1. BPD patient’s partner will take the initiative to “show loyalty”, constantly tell BPD patients how much they love her, constantly tell BPD patients what she believes is wrong, and even begged BPD patients not to leave themselves, despite a series of acts of harm to themselves.

2. BPD patients’ partners will be hurt, and then will experience a variety of negative emotions, under the negative emotional effects (e.g., anger, depression, injury), will make some corresponding impulsive behaviour, such as breaking up, yelling out, speaking out their dissatisfaction, “old accounts cleared together”, criticizing each other, leaving hands and so on.

A friend asked: So as a partner of BPD / close people around us, how should we deal with BPD patients’ relationships out of control? This can be difficult to do, and I have the following suggestions:

1. BPD patients need to undergo a comprehensive, formal diagnosis, diagnosis of BPD, and then professional treatment (such as dialectical behavioural therapy DBT), which is the most fundamental solution.

2. To deal with the interpersonal interaction behaviour of BPD patients, we should be dialectical, stable and principled. On the one hand, express disingy at these out-of-control behaviours but understandably express that they are indeed hurt, and on the other hand, to clarify the facts and clarify the nature of the relationship (e.g., you do not deny the other person’ meaning).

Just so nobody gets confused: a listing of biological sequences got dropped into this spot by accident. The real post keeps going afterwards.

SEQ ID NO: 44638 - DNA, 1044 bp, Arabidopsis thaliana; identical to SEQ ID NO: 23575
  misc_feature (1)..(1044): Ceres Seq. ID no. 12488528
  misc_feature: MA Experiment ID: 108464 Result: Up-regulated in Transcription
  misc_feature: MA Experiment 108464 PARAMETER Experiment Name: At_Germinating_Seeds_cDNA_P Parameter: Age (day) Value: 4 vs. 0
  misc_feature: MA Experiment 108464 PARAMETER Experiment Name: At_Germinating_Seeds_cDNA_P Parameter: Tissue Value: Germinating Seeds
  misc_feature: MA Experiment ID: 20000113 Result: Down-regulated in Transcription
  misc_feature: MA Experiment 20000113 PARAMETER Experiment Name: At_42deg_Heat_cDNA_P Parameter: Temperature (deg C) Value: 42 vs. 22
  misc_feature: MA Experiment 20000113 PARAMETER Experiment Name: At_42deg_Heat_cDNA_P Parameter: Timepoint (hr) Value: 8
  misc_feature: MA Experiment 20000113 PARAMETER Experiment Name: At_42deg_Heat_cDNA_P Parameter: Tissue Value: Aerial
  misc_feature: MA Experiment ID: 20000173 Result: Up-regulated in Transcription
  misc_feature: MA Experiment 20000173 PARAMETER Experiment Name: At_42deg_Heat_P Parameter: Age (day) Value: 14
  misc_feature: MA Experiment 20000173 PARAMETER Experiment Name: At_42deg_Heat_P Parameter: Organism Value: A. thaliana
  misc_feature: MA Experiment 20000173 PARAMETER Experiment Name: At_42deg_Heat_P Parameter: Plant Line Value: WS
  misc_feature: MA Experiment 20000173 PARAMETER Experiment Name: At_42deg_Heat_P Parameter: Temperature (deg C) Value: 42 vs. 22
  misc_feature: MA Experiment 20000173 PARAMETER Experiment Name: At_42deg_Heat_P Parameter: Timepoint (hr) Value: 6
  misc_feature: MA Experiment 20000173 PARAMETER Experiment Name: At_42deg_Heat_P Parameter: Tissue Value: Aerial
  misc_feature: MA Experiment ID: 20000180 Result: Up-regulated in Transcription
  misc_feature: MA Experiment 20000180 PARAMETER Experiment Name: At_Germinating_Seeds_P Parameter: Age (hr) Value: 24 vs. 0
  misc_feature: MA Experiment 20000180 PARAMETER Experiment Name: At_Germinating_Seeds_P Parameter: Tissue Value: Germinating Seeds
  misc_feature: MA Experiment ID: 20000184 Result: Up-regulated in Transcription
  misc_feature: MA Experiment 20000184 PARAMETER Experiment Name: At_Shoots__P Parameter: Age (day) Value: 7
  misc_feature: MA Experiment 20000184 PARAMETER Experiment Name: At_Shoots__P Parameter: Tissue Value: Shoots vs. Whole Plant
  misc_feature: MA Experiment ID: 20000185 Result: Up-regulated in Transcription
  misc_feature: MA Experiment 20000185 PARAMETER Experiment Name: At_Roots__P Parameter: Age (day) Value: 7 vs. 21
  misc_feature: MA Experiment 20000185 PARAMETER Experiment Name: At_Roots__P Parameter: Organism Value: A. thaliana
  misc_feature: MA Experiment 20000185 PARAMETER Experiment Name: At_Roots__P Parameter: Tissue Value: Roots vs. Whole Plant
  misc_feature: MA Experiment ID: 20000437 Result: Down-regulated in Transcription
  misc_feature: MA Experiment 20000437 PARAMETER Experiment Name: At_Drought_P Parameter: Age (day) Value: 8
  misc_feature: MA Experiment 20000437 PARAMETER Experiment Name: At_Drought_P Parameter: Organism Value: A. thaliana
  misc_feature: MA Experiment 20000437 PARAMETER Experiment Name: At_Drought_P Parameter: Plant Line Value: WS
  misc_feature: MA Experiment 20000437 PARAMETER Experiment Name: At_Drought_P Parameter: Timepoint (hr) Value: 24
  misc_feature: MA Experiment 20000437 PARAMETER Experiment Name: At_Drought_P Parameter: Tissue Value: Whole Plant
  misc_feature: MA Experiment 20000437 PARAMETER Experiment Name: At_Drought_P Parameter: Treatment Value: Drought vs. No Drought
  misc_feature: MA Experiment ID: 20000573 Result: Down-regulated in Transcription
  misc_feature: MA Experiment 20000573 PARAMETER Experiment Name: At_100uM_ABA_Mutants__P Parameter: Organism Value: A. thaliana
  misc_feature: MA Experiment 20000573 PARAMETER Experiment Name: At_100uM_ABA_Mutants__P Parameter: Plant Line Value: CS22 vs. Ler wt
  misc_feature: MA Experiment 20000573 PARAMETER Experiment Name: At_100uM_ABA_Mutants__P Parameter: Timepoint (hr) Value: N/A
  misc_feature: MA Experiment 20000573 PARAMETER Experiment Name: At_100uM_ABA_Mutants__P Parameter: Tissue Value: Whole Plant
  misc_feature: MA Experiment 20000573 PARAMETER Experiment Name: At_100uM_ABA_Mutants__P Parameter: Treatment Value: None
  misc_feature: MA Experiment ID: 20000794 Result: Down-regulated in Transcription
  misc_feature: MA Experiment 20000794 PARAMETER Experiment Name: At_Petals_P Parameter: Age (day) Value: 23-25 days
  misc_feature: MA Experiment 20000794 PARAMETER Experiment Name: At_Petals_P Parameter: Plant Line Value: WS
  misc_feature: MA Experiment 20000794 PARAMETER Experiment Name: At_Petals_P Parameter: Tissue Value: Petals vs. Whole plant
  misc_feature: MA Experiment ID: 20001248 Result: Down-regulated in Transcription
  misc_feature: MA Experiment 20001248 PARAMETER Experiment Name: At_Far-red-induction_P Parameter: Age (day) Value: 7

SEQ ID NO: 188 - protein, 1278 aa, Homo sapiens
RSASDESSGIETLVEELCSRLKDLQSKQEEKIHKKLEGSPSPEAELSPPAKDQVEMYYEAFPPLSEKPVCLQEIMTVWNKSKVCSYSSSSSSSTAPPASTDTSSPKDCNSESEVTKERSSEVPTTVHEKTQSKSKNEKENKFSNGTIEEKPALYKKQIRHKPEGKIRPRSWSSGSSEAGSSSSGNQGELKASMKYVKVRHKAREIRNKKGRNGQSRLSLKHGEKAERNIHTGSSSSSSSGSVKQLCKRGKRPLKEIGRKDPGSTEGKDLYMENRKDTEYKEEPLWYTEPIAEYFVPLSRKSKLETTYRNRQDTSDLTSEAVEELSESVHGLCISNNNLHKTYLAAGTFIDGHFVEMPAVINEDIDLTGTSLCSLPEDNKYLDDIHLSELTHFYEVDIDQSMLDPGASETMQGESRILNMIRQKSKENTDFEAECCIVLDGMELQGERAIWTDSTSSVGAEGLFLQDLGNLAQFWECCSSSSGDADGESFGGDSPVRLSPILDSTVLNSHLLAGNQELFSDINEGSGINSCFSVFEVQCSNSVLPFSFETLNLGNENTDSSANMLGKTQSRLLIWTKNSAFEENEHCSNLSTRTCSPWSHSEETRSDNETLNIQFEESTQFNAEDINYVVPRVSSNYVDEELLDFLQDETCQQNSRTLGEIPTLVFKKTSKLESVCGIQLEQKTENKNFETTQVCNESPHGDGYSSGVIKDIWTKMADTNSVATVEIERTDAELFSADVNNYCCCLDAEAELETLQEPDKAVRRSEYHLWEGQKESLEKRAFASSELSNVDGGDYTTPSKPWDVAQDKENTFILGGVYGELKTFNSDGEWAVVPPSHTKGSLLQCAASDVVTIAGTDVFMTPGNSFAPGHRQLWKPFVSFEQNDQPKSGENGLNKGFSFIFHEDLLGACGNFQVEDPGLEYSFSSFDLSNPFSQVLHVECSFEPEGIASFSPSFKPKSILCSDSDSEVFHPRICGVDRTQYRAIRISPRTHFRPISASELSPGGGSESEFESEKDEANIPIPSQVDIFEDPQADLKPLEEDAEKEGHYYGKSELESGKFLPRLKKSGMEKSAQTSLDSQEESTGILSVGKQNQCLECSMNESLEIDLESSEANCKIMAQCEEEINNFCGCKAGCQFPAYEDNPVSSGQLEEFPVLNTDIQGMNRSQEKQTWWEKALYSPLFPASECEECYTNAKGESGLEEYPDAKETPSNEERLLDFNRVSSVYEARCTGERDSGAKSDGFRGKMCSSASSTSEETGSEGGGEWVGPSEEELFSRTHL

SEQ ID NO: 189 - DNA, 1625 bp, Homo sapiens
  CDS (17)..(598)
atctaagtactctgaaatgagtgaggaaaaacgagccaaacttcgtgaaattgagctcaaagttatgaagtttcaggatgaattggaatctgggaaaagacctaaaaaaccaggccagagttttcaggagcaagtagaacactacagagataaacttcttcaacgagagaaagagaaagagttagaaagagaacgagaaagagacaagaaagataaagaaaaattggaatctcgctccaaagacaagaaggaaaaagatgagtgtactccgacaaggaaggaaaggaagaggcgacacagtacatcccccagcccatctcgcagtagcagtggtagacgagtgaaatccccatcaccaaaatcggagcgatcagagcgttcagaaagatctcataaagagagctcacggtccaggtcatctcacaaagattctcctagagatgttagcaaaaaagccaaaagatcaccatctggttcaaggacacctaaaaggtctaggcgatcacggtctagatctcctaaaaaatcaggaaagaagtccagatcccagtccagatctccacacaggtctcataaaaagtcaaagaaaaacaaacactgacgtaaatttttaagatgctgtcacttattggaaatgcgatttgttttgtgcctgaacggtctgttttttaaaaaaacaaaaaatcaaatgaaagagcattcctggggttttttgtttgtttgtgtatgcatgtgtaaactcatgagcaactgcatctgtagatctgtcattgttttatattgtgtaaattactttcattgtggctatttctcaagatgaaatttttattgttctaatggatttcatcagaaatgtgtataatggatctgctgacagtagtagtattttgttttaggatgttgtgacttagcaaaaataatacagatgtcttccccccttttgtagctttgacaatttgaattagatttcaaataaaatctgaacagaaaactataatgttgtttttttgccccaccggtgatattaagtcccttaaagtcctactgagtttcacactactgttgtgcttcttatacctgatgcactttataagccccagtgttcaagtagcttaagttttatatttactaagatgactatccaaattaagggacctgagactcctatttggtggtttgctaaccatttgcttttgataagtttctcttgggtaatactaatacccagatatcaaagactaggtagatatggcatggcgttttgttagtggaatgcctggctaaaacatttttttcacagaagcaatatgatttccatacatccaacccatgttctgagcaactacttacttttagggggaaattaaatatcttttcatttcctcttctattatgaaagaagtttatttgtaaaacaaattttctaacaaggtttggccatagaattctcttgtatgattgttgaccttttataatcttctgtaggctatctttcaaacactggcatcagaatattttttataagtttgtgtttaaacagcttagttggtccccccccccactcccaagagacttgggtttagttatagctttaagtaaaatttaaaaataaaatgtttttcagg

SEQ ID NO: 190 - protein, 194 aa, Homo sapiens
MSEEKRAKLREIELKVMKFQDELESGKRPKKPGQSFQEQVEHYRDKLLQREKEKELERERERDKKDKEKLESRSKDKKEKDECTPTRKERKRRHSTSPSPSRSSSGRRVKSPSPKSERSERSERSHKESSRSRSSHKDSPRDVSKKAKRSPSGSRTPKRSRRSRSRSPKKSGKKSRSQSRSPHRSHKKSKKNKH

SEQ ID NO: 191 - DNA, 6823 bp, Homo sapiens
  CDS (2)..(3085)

First, all of the intimate relationships (family members, partners, etc.) of BPD patients have a high probability of being abusive, negative, and unhealthy in themselves. BPD patients are also more likely to have problems in new intimate relationships because they have experienced abusive relationships before. Let’s look at two related articles: (2012) A study of 109 women with mental illness included 32 people with BPD, 43 people with a non-BPD personality disorder, and 34 patients with the non-personality disorder (but those 34 patients had other mental illnesses, such as anxiety, depression, etc.). They investigated the patients’ childhood traumatic experiences and measured their BPD symptoms. It was found that there was a significant relationship between emotional abuse and sexual abuse and BPD symptoms. Are BPD patients experiencing more abusive relationships? You can see this table below:

Their current condition was measured and their reported traumatic experiences were verified through their family members. There are several important results:

1. BPD patients experienced more verbal and physical abuse within the family than the other two groups. 2. Compared to the other two groups, BPD patients were more likely to experience domestic and external abuse at a young age.

3. The more abuse/trauma experience you experience, the more symptoms of mental illness you experience. You can refer to the table below: As can be seen above, the proportion of BPD patients who have experienced various forms of abuse is much higher than that of anorexia patients and healthy people.